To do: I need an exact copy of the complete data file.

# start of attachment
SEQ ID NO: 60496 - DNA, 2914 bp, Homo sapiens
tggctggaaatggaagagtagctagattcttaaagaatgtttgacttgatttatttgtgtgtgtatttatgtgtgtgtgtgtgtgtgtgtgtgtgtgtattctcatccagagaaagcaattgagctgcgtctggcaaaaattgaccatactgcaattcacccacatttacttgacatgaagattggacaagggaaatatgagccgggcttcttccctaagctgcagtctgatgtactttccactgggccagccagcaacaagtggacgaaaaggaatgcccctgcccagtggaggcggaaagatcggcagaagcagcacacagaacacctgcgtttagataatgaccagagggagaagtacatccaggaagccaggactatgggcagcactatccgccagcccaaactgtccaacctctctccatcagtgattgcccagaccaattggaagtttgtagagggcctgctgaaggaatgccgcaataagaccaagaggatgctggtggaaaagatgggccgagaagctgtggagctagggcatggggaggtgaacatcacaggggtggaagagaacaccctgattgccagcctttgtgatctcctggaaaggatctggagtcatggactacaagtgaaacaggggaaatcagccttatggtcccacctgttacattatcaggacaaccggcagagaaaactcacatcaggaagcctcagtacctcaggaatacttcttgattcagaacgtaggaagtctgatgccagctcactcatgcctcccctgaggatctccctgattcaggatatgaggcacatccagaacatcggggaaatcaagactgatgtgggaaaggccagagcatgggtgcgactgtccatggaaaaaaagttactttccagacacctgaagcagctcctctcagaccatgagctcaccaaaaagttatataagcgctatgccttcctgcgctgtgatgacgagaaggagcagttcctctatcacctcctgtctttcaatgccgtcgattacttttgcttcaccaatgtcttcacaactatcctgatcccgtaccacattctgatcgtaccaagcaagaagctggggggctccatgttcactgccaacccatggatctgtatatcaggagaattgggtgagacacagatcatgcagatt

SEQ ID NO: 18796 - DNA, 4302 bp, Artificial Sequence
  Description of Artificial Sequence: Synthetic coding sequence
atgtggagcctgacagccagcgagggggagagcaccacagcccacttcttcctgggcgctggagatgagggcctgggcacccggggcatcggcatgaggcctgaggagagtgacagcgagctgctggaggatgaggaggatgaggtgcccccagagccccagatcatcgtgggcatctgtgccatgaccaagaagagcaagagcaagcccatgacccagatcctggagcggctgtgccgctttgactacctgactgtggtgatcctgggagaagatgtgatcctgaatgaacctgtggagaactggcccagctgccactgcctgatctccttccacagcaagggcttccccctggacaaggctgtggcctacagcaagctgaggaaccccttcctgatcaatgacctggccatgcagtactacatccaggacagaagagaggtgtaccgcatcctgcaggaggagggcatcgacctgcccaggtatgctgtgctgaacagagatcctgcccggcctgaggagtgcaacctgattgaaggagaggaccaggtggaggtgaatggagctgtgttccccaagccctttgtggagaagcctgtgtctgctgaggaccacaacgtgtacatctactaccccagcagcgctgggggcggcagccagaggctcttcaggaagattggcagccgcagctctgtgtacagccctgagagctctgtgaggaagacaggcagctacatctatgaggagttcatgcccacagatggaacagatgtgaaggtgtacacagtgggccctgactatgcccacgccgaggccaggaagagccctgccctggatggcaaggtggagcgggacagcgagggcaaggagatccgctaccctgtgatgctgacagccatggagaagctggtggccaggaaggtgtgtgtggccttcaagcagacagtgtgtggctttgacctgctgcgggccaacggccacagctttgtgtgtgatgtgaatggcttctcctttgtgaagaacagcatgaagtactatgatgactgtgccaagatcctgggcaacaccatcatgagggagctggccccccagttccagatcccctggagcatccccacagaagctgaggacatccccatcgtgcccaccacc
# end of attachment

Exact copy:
SEQ ID NO: 60496 - DNA, 2914 bp, Homo sapiens
tggctggaaatggaagagtagctagattcttaaagaatgtttgacttgatttatttgtgtgtgtatttatgtgtgtgtgtgtgtgtgtgtgtgtgtgtattctcatccagagaaagcaattgagctgcgtctggcaaaaattgaccatactgcaattcacccacatttacttgacatgaagattggacaagggaaatatgagccgggcttcttccctaagctgcagtctgatgtactttccactgggccagccagcaacaagtggacgaaaaggaatgcccctgcccagtggaggcggaaagatcggcagaagcagcacacagaacacctgcgtttagataatgaccagagggagaagtacatccaggaagccaggactatgggcagcactatccgccagcccaaactgtccaacctctctccatcagtgattgcccagaccaattggaagtttgtagagggcctgctgaaggaatgccgcaataagaccaagaggatgctggtggaaaagatgggccgagaagctgtggagctagggcatggggaggtgaacatcacaggggtggaagagaacaccctgattgccagcctttgtgatctcctggaaaggatctggagtcatggactacaagtgaaacaggggaaatcagccttatggtcccacctgttacattatcaggacaaccggcagagaaaactcacatcaggaagcctcagtacctcaggaatacttcttgattcagaacgtaggaagtctgatgccagctcactcatgcctcccctgaggatctccctgattcaggatatgaggcacatccagaacatcggggaaatcaagactgatgtgggaaaggccagagcatgggtgcgactgtccatggaaaaaaagttactttccagacacctgaagcagctcctctcagaccatgagctcaccaaaaagttatataagcgctatgccttcctgcgctgtgatgacgagaaggagcagttcctctatcacctcctgtctttcaatgccgtcgattacttttgcttcaccaatgtcttcacaactatcctgatcccgtaccacattctgatcgtaccaagcaagaagctggggggctccatgttcactgccaacccatggatctgtatatcaggagaattgggtgagacacagatcatgcagatt

SEQ ID NO: 18796 - DNA, 4302 bp, Artificial Sequence
  Description of Artificial Sequence: Synthetic coding sequence
atgtggagcctgacagccagcgagggggagagcaccacagcccacttcttcctgggcgctggagatgagggcctgggcacccggggcatcggcatgaggcctgaggagagtgacagcgagctgctggaggatgaggaggatgaggtgcccccagagccccagatcatcgtgggcatctgtgccatgaccaagaagagcaagagcaagcccatgacccagatcctggagcggctgtgccgctttgactacctgactgtggtgatcctgggagaagatgtgatcctgaatgaacctgtggagaactggcccagctgccactgcctgatctccttccacagcaagggcttccccctggacaaggctgtggcctacagcaagctgaggaaccccttcctgatcaatgacctggccatgcagtactacatccaggacagaagagaggtgtaccgcatcctgcaggaggagggcatcgacctgcccaggtatgctgtgctgaacagagatcctgcccggcctgaggagtgcaacctgattgaaggagaggaccaggtggaggtgaatggagctgtgttccccaagccctttgtggagaagcctgtgtctgctgaggaccacaacgtgtacatctactaccccagcagcgctgggggcggcagccagaggctcttcaggaagattggcagccgcagctctgtgtacagccctgagagctctgtgaggaagacaggcagctacatctatgaggagttcatgcccacagatggaacagatgtgaaggtgtacacagtgggccctgactatgcccacgccgaggccaggaagagccctgccctggatggcaaggtggagcgggacagcgagggcaaggagatccgctaccctgtgatgctgacagccatggagaagctggtggccaggaaggtgtgtgtggccttcaagcagacagtgtgtggctttgacctgctgcgggccaacggccacagctttgtgtgtgatgtgaatggcttctcctttgtgaagaacagcatgaagtactatgatgactgtgccaagatcctgggcaacaccatcatgagggagctggccccccagttccagatcccctggagcatccccacagaagctgaggacatccccatcgtgcccaccacc